Kyrene Corridor Rotary Club first with Centennial charter
To the casual observer, it was just another benchmark in the normal chronology of events that, since 1904, have welcomed 1.2 million members into the family of Rotary International.
However, for those who appreciated its significance, the official chartering ceremony for Rotary Club of the Kyrene Corridor held a uniqueness all its own.
In just slightly more than a year, the local chapter of one of the world’s most renown organizations has grown from a handful of founders to nearly two dozen fully accredited members, all of whom can lay claim to charter-member status.
What’s more, say officials, the club has the distinction of being the first in Arizona to receive its charter during Rotary’s 2004 centennial year.
The local Rotary organization, newest of more than 30,000 such clubs in 166 countries, was the brainchild of Barb Feder, a former Rotary district governor and longtime owner of Framin’ Works, who collaborated with Kyle Maki of Wrangler News and Mary Contreras, a local State Farm agent, to launch a membership drive in October 2003.
The would-be club’s connection to the established core of Kyrene Corridor businesses, coupled with Rotary’s reputation for worldwide humanitarian service, quickly caught the eye of a number of area executives, and the campaign to generate members was off to a quick start.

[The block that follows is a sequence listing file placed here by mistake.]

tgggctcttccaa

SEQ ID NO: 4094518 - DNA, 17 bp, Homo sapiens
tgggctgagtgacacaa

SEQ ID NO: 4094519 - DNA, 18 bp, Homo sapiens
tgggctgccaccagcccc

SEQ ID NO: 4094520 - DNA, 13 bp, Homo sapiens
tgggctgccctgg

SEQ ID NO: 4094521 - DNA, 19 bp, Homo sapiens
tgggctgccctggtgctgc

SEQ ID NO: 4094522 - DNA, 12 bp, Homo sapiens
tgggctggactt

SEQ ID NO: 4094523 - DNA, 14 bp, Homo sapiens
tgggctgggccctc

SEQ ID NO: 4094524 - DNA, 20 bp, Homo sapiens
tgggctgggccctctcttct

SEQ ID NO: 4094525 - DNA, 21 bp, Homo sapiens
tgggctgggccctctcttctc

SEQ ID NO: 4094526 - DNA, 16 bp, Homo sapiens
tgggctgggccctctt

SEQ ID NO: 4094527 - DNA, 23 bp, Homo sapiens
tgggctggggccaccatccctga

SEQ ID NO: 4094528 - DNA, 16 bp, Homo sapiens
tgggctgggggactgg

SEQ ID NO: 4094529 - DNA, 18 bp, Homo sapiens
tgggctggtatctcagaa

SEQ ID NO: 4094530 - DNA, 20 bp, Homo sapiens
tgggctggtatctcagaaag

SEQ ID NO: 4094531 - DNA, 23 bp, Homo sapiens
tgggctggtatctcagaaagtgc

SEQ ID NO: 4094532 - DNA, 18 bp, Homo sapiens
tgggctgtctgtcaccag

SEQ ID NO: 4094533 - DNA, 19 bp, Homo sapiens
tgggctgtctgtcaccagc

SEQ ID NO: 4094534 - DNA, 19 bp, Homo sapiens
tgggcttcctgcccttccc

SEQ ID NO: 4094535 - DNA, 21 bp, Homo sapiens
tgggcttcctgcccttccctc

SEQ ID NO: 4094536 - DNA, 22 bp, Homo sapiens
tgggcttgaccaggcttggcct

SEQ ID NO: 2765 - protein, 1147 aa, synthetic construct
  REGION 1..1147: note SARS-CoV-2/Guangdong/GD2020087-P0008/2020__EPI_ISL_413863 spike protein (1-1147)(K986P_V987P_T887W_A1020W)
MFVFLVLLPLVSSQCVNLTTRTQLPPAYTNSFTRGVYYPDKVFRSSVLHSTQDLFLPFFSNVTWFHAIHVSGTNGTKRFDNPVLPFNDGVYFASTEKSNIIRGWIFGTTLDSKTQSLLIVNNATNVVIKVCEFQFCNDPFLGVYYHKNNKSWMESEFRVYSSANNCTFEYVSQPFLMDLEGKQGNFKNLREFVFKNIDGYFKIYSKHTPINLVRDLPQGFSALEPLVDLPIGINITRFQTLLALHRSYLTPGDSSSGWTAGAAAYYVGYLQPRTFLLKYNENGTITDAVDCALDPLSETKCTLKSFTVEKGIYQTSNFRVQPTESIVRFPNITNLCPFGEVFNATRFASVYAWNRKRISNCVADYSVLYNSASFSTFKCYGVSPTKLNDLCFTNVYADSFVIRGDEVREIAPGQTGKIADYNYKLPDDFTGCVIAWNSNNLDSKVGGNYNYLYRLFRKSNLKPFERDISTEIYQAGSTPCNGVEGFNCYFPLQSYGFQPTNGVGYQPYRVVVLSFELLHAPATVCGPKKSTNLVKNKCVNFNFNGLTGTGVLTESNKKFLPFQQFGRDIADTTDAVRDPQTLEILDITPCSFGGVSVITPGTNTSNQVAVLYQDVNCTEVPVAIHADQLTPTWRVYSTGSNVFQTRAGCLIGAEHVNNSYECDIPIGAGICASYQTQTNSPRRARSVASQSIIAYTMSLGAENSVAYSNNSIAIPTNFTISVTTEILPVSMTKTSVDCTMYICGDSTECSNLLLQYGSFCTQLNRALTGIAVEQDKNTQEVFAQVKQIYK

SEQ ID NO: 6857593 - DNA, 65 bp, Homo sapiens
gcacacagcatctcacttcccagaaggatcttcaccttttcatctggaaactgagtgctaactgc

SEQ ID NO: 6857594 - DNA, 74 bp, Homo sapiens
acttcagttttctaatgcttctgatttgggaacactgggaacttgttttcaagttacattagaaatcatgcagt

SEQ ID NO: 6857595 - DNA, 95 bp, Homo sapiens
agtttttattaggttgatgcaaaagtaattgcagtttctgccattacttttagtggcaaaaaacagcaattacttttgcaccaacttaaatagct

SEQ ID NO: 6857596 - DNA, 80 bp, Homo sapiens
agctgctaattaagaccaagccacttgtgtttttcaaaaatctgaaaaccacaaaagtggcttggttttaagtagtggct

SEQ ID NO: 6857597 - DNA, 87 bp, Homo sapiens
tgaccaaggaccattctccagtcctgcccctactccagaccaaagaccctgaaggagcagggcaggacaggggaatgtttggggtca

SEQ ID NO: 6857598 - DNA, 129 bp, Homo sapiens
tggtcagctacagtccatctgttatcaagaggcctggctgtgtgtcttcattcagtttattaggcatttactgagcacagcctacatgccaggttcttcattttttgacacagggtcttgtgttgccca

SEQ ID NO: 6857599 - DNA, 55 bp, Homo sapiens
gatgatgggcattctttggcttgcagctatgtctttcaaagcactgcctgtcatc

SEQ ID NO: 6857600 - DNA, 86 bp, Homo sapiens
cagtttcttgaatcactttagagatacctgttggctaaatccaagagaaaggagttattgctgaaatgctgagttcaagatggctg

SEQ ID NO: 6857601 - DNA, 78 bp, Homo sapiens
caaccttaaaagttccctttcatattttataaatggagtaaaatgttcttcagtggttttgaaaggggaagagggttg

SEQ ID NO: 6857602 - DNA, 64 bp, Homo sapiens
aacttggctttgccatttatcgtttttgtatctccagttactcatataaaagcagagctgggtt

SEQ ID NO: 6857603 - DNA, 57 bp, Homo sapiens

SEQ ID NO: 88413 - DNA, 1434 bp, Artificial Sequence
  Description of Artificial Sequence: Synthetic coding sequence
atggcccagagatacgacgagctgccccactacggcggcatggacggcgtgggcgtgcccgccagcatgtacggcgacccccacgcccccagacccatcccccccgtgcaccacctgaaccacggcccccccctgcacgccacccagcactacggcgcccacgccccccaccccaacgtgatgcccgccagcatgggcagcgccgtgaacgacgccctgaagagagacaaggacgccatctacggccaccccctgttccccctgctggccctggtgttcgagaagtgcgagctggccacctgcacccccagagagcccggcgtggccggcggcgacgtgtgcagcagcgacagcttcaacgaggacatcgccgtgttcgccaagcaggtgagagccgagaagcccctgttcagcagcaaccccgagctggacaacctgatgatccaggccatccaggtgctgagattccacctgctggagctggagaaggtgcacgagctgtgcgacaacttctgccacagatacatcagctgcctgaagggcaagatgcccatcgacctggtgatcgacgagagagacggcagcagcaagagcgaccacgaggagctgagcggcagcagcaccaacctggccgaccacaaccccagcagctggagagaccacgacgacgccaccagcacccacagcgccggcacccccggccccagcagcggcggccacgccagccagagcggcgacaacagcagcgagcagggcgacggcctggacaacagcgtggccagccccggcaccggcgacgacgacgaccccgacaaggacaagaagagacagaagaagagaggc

First in line: attorney Tom Hickey, accountant George Kimbler, business entrepreneur Dave Kline, sales exec Jerry Mosteller and, finally, Keller Williams Realtor Wally Stuebner, who became the club’s first president.
Members convened weekly at interim locations until moving into their now permanent quarters in August, following a luncheon-meeting format that has been standardized for Rotary chapters around the world.
Here, however, with a younger and seemingly highly energized membership, some of the stereotypical similarities with longer-established clubs are less noticeable.
What many historically saw as an “old man’s club” (not to overlook the addition of women to the ranks 30 or so years ago) seems to have put on a face with a new look.
Members Maki, 25, and Jeff Brock, 23, illustrate a demographic not altogether comparable to other Rotary clubs around the world.
Maki, who serves as club secretary, says he seemingly was the youngest member attending a two-day training workshop for state officers last spring.
“Much of the discussion was about diversity, about encouraging clubs to actively recruit younger members,” said Maki.
“In our (Kyrene Corridor) club, we have at least four members 30 or under,” he said. “Visiting Rotarians who have shared their impressions sense that our club has a positive energy, with no stigma that we’re boring,” a reputation some of the longer-established clubs seem to have.
The younger contingent in the Kyrene Corridor club, however, is balanced by such members as Ras Rowe, a retired college professor who has been a Rotarian for years. Rowe rejoined Rotary after dropping out several years ago because he liked the youthful composite of the Kyrene Corridor group.
“This is great for us,” says Maki, “because it gives us the dual advantage of a younger group but the ability to learn from those with a lot of Rotary experience and connections.”
And, he notes, starting earlier in Rotary will enable new members to reap the benefits of a world-class organization for many years to come.
Rotary Club of Kyrene Corridor meets Mondays at noon. Information: (480) 966-0837.